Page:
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Prevalence, anatomic distribution, and correlates of Chlamydia trachomatis and Neisseria gonorrhoeae infections among a cohort of men who have sex with men in Hanoi, Vietnam


Background: Neisseria gonorrhoeae (NG) and Chlamydia trachomatis (CT) disproportionately affect men who have sex with men (MSM). Data on the prevalence, anatomical distribution, and correlates of NG and CT infections among MSM in Vietnam are limited.

Methods: Between July 2017 and April 2019, MSM 16 years or older, without HIV were enrolled into an observational cohort study. Baseline data, including sociodemographics, sexual behavior, and HIV status were collected. NG and CT testing were performed on urine, rectal, and pharyngeal specimens. Multivariate logistic regression models identified factors associated with NG and CT infections at baseline.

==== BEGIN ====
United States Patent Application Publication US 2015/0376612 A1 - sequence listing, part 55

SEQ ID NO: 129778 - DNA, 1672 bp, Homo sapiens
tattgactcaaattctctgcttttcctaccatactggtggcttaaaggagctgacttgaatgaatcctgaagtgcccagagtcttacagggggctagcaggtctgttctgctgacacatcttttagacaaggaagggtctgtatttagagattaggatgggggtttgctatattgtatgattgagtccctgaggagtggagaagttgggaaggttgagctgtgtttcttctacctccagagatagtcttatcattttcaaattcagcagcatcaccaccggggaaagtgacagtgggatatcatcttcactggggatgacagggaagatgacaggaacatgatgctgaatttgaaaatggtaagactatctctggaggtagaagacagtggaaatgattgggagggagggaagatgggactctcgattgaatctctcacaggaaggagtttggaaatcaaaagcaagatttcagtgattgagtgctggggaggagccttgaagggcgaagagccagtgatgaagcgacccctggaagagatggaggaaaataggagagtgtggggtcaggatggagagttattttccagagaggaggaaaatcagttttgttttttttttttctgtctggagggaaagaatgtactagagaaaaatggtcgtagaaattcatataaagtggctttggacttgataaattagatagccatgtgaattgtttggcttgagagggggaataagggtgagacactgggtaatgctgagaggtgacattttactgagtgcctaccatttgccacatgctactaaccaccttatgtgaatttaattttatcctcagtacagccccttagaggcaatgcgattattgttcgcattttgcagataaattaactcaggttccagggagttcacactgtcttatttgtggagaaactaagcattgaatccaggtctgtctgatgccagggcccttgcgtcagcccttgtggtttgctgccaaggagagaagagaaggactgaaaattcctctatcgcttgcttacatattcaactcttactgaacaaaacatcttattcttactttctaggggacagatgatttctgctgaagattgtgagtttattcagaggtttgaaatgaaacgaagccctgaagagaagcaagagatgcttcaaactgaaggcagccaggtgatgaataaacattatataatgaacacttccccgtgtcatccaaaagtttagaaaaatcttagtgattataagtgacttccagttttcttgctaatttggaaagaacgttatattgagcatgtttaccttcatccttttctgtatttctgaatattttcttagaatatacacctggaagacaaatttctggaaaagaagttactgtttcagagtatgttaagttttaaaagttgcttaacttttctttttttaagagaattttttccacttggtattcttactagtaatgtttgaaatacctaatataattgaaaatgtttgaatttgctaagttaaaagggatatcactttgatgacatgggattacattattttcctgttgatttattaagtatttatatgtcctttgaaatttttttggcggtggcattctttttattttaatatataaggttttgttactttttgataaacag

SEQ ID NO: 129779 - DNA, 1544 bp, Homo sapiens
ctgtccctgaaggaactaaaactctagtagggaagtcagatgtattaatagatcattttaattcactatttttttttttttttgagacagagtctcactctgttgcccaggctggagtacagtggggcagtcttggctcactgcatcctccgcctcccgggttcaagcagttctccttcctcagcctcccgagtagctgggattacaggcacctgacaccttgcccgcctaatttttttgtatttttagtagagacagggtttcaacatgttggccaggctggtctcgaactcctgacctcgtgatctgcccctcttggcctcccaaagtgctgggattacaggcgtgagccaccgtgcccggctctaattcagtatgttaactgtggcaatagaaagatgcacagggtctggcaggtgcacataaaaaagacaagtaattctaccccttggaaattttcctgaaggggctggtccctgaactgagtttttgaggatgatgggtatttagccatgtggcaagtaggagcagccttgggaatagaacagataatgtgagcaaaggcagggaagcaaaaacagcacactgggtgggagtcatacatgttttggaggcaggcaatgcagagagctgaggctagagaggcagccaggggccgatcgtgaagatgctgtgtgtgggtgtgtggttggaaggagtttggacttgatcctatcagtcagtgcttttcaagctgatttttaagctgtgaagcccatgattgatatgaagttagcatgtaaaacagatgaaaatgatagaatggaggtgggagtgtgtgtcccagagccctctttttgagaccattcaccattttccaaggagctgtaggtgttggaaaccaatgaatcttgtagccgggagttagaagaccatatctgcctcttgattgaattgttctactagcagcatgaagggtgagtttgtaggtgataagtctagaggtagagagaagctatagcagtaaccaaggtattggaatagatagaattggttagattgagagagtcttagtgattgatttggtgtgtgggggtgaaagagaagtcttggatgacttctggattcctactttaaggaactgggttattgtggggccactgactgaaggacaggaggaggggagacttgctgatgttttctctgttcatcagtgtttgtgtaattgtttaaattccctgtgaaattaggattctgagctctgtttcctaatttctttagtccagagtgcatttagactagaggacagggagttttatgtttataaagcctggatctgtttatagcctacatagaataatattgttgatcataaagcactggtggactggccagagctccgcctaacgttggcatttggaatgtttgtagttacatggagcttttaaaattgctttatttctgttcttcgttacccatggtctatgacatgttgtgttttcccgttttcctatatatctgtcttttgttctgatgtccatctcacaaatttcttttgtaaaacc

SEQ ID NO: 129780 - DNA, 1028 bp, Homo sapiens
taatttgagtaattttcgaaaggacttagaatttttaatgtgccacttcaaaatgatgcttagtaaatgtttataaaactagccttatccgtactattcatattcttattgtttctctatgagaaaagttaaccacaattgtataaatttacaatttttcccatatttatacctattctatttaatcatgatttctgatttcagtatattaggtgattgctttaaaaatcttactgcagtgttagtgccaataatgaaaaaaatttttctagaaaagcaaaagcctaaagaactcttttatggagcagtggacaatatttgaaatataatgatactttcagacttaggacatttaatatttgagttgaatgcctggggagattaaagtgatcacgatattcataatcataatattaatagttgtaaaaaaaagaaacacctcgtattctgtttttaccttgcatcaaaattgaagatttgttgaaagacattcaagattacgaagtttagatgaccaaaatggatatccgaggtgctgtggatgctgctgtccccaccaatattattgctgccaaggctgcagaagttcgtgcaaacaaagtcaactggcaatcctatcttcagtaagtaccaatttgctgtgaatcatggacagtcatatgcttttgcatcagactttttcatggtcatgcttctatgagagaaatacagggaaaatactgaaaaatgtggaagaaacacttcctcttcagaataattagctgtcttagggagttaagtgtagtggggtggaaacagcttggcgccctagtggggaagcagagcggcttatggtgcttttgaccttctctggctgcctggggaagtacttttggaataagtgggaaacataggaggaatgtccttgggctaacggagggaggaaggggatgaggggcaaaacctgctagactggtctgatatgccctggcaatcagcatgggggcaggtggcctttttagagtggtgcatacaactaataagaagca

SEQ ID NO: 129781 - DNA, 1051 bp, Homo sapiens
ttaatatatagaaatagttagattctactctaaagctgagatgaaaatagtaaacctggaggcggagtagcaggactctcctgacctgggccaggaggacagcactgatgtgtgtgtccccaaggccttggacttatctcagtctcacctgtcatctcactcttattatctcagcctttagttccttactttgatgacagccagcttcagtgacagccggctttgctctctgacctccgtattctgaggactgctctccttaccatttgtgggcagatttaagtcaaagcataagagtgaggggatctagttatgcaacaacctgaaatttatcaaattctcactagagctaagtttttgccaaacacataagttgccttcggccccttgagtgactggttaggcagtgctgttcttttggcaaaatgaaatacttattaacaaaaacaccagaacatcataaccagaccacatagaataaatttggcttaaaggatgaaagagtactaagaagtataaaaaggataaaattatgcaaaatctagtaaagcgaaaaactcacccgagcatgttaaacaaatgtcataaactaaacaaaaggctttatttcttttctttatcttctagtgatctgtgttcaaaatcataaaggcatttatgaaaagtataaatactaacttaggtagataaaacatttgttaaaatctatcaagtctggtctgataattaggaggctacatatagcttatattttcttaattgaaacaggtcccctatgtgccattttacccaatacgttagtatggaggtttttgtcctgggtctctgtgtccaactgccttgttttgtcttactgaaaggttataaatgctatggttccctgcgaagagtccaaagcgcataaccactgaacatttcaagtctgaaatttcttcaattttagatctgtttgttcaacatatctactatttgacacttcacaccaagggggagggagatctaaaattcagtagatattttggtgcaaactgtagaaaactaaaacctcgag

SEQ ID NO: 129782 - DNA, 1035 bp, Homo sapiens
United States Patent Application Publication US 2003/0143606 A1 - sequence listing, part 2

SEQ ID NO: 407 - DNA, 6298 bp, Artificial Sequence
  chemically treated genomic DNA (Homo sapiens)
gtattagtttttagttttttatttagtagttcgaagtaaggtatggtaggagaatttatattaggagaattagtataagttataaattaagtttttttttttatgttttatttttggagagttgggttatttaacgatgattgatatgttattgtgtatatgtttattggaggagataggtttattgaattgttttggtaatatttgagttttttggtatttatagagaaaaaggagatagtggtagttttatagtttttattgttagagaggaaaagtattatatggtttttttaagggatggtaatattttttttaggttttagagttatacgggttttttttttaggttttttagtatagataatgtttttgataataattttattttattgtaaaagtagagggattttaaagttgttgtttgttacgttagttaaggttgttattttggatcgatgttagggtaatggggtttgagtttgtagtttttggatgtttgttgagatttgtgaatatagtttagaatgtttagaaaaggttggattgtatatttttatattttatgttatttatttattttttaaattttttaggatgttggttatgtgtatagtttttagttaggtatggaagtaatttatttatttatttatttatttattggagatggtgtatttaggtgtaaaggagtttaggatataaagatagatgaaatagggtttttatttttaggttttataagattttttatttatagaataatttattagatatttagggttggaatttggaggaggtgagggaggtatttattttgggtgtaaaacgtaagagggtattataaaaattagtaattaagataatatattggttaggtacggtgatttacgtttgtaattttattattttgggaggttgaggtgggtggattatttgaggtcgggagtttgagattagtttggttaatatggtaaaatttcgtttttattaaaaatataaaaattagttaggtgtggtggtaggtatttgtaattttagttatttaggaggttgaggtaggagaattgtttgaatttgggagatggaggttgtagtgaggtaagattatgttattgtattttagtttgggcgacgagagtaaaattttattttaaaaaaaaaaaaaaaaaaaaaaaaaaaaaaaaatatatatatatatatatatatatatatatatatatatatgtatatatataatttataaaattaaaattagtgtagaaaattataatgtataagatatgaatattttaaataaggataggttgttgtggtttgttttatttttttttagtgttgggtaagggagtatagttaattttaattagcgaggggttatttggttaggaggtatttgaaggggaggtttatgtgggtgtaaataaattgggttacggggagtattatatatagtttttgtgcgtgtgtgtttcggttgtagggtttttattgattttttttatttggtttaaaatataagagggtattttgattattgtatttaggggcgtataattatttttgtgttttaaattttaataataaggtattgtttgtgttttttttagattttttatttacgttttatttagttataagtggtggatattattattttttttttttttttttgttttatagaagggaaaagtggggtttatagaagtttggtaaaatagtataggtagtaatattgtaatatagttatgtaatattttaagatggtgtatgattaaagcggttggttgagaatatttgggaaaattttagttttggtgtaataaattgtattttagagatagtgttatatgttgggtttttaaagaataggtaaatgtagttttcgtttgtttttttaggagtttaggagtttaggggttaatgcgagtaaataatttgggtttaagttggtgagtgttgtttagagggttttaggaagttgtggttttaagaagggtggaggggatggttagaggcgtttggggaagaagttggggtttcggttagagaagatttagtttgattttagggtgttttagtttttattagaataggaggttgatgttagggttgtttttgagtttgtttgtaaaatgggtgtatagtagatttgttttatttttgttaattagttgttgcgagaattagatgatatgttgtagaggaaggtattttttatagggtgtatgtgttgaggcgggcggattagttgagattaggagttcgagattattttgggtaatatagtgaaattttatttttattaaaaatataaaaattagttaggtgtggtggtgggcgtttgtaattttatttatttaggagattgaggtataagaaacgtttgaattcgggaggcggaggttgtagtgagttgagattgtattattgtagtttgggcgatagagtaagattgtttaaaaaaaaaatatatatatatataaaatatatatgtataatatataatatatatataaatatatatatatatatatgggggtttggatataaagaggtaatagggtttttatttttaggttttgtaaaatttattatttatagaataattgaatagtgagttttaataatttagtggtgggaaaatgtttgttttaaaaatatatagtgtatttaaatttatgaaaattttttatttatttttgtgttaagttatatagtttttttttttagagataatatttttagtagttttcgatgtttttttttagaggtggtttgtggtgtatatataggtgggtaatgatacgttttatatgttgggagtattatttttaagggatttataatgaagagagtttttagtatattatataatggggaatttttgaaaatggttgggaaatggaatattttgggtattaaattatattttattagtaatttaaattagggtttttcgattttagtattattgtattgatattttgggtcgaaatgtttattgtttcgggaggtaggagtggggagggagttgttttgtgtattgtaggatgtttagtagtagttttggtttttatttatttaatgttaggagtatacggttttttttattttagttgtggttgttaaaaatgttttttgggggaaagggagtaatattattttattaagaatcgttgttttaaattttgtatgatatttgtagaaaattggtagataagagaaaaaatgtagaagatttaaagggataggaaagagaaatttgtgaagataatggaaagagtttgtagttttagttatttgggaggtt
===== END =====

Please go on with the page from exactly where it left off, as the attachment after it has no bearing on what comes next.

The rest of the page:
Results: In total, 1489 participants underwent NG/CT testing. The median age was 22 years (IQR: 20 – 26). There were 424 (28.5%) NG or CT infections; 322 (21.6%) with CT and 173 (11.6%) with NG. Rectal infections were most common for CT (73.9%), while pharyngeal infections were most common for NG (70.5%). Independent risk factors for CT or NG infection included: ≥2 sex partners in the prior month (adjusted odds ratio [aOR] = 2.04; 95% CI: 1.44, 2.91), condomless anal sex (aOR = 1.44, 95% CI: 1.12, 1.86), and meeting sex partners online (aOR = 1.35; 95% CI: 1.03, 1.76). Recent genitourinary or rectal symptoms were not associated with infections.

Conclusions: The overall and extragenital prevalence of NG and CT infections were high within this sample of young MSM without HIV in Hanoi. Testing limited to urethral specimens would have missed nearly three-quarters of CT and NG infections, supporting the need for routine testing at multiple anatomic sites.

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